478 F2d 998 In Re George Gates

478 F.2d 998

156 U.S.App.D.C. 88

In re George GATES, Appellant.

No. 71-1746.

United States Court of Appeals,
District of Columbia Circuit.

May 17, 1973.

Melvin M. Burton, Jr., Washington, D. C., submitted on the brief for appellant. George F. Knox, Sr., Washington, D. C., was on the brief for appellant.

Harold H. Titus, Jr., U. S. Atty., John A. Terry and Paul L. Friedman, Asst. U. S. Attys., submitted on the brief, for appellee. James A. Fitzgerald, Asst. U. S. Atty., also entered an appearance for appellee.

Before McGOWAN and LEVENTHAL, Circuit Judges, and WYZANSKI,* Senior United States District Judge for the District of Massachusetts.


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This appeal from a conviction for criminal contempt and $100 fine involves an attorney in a case scheduled for trial, in the District Court, on Tuesday, August 3, 1971, who had accepted dates for other matters on Monday, August 2, involving hearings before the Magistrate, and was advised by the District Judge on Friday, July 30, that the case had been rescheduled to begin Monday, August 2, at 10 a. m. The case was called at 10:07. Appellant arrived at about 10:501 a. m. The District Judge called him to the bench, set forth his tardiness, and stated that the clerk had telephoned the Magistrate's office when the case was called but could not ascertain whether appellant was there. Appellant stated he had been in the cell block and in the Magistrate's office. The District Judge assessed a fine of $100. Appellant said he had come over to the District Court to allow time to go to the Magistrate's office, was down in the cell block at 9 a. m., had just left the Magistrate's office, and that the District Court knew he had a preliminary matter. "The Court: I think you have been contemptuous. I knew you had a preliminary matter but I advised you to be here at 10 a. m. in Court."


The trial resulted in a deadlock and mistrial declared August 6. The certificate and order of contempt, signed by the judge on August 6, 1971, was filed September 1, 1971. It recites the above facts, notes that calls were made to the Magistrate's office and to appellant's office, and that between 10 and 10:50 a. m. defense counsel did not communicate with the court or appear in court to request any continuance or time. No reference is made in the order and certificate to appellant's statement on August 6: "I told the Court in chambers that I had a matter before the Magistrate and as soon as I got through with that matter I would come before the Court. I went down and put on the record in the Magistrate's office and I think he called you and told you that I was before him." Appellant stated that his matter took only five or ten minutes and that if the Magistrate had arrived promptly, instead of 10:20, he would have been in District Court promptly.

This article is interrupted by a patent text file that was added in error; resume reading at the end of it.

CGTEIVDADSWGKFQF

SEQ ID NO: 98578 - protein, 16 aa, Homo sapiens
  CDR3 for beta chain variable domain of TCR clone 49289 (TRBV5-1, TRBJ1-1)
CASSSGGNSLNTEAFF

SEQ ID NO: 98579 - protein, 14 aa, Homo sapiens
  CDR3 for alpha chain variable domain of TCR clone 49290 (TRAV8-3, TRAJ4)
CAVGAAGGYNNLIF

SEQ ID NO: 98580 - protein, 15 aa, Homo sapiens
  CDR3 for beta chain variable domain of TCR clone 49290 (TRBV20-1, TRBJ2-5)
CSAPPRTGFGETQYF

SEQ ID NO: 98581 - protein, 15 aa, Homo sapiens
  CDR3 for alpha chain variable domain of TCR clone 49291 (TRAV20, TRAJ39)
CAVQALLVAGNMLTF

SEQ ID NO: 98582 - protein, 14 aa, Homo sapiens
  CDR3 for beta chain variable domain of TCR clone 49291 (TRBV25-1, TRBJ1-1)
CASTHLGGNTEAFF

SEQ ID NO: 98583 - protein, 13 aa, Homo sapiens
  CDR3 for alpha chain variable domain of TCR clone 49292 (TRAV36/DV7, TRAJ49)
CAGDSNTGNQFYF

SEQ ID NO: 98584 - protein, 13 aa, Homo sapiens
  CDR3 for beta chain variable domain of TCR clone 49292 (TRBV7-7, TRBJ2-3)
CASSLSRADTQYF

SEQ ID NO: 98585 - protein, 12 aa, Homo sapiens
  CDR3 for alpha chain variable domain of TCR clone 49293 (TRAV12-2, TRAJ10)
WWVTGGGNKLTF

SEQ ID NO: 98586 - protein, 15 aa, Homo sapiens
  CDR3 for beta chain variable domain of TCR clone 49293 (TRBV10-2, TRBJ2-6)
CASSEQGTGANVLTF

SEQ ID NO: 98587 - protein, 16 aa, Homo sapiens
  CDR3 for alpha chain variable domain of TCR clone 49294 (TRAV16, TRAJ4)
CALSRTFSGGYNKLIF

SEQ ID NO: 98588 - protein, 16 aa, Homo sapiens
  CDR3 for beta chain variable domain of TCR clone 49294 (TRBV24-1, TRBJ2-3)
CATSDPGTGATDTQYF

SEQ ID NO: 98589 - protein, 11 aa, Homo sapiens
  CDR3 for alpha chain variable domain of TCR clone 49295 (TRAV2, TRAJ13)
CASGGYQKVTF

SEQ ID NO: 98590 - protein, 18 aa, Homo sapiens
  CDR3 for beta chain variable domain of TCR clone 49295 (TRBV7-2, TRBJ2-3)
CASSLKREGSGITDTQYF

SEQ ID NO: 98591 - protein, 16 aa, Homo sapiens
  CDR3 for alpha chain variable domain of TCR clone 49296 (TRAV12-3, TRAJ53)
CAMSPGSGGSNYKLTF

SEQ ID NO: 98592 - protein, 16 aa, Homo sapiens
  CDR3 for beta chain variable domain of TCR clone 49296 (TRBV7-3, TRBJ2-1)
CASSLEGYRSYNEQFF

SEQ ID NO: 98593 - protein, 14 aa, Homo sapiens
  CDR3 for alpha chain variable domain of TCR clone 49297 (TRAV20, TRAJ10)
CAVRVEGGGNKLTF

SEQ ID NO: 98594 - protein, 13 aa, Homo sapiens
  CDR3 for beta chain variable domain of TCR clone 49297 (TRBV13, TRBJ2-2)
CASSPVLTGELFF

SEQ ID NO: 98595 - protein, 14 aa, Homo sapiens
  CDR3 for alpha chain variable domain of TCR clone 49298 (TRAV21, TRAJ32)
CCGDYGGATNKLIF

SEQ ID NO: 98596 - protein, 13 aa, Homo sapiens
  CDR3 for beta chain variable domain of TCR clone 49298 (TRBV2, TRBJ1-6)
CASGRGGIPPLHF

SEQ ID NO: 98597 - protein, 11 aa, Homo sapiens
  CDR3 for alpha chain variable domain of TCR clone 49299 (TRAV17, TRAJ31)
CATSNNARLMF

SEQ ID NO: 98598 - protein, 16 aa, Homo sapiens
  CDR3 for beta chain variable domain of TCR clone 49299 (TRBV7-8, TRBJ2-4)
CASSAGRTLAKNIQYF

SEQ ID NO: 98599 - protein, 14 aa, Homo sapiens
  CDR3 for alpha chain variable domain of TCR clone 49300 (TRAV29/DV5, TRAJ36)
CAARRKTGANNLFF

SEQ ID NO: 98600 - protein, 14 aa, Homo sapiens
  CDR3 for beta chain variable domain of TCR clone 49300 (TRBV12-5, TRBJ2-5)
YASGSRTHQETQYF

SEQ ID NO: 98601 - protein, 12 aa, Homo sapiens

Appellant submitted to this court without argument. His brief argued that Rule 42(a) of the Federal Rules of Criminal Procedure permits summary punishment only for a direct contempt committed in the actual presence of the court, and that the failure to appear as scheduled was not an act in the presence of the court. He relied on various decisions by our court.2 However, we are constrained to reject this contention in view of the recent decision of this court in In re Niblack, 476 F.2d 930 (1973), upholding a fine of $50 imposed under Rule 42(a) for absence from the court room.


Nor can we accept the contention that there was insufficiency of evidence of contumacious intent to support the finding of contempt by the trial judge.


Although appellant raised no question as to procedure, we raise ourselves the question whether the spirit of Rule 42(a) does not call upon the judge, when he apprehends that the issue of contempt for tardiness in the court room involves, by way of excuse, matters outside the presence of the court, to proceed by reference of the matter to another judge, and invocation of Rule 42(b). Here there was an issue concerning an effort made from outside the court to contact the District Judge. This point was not briefed, and we do not undertake to decide it on our own motion, but in view of the circumstances we invoke our appellate authority to modify contempt sentences to reduce the fine to $50.3


So ordered.


Sitting by designation pursuant to 28 U.S.C. Sec. 294(d)

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This is the time recited in the contempt order of the District Court


Klein v. United States, 80 U.S.App.D.C. 106, 151 F.2d 286 (1945); Sykes v. United States, 144 U.S.App.D.C. 53, 444 F.2d 928 (1971); also United States v. Willett, 432 F.2d 202 (4th Cir. 1970)


As the Supreme Court stated in Green v. United States, 356 U.S. 165, 188, 78 S.Ct. 632, 645, 2 L.Ed.2d 672 (1958):

Appellate courts have here [in passing upon the discretion vested in the District Courts by 18 U.S.C. Sec. 401 to punish for contempt] a special responsibility for determining that the power is not abused, to be exercised if necessary by revising themselves the sentences imposed.

While we find nothing oppressive in the District Court's action in fixing the amount of the fine at $100, we do feel that the overall context of this case makes a reduction in the fine appropriate in the interest of justice. This follows the course laid down by our decision in Drivers, Chauffers & Helpers Local 639 v. Penello, 137 U.S.App.D.C. 64, 420 F. 2d 632 (1969), and by the Supreme Court in Green and United States v. United Mine Workers, 330 U.S. 258, 304-307, 67 S.Ct. 677, 91 L.Ed. 884 (1947), and followed elsewhere, e. g., United States v. Conole, 365 F.2d 306 (3d Cir., 1966), cert. denied, 385 U.S. 1025, 87 S.Ct. 743, 17 L.Ed.2d 673 (1967).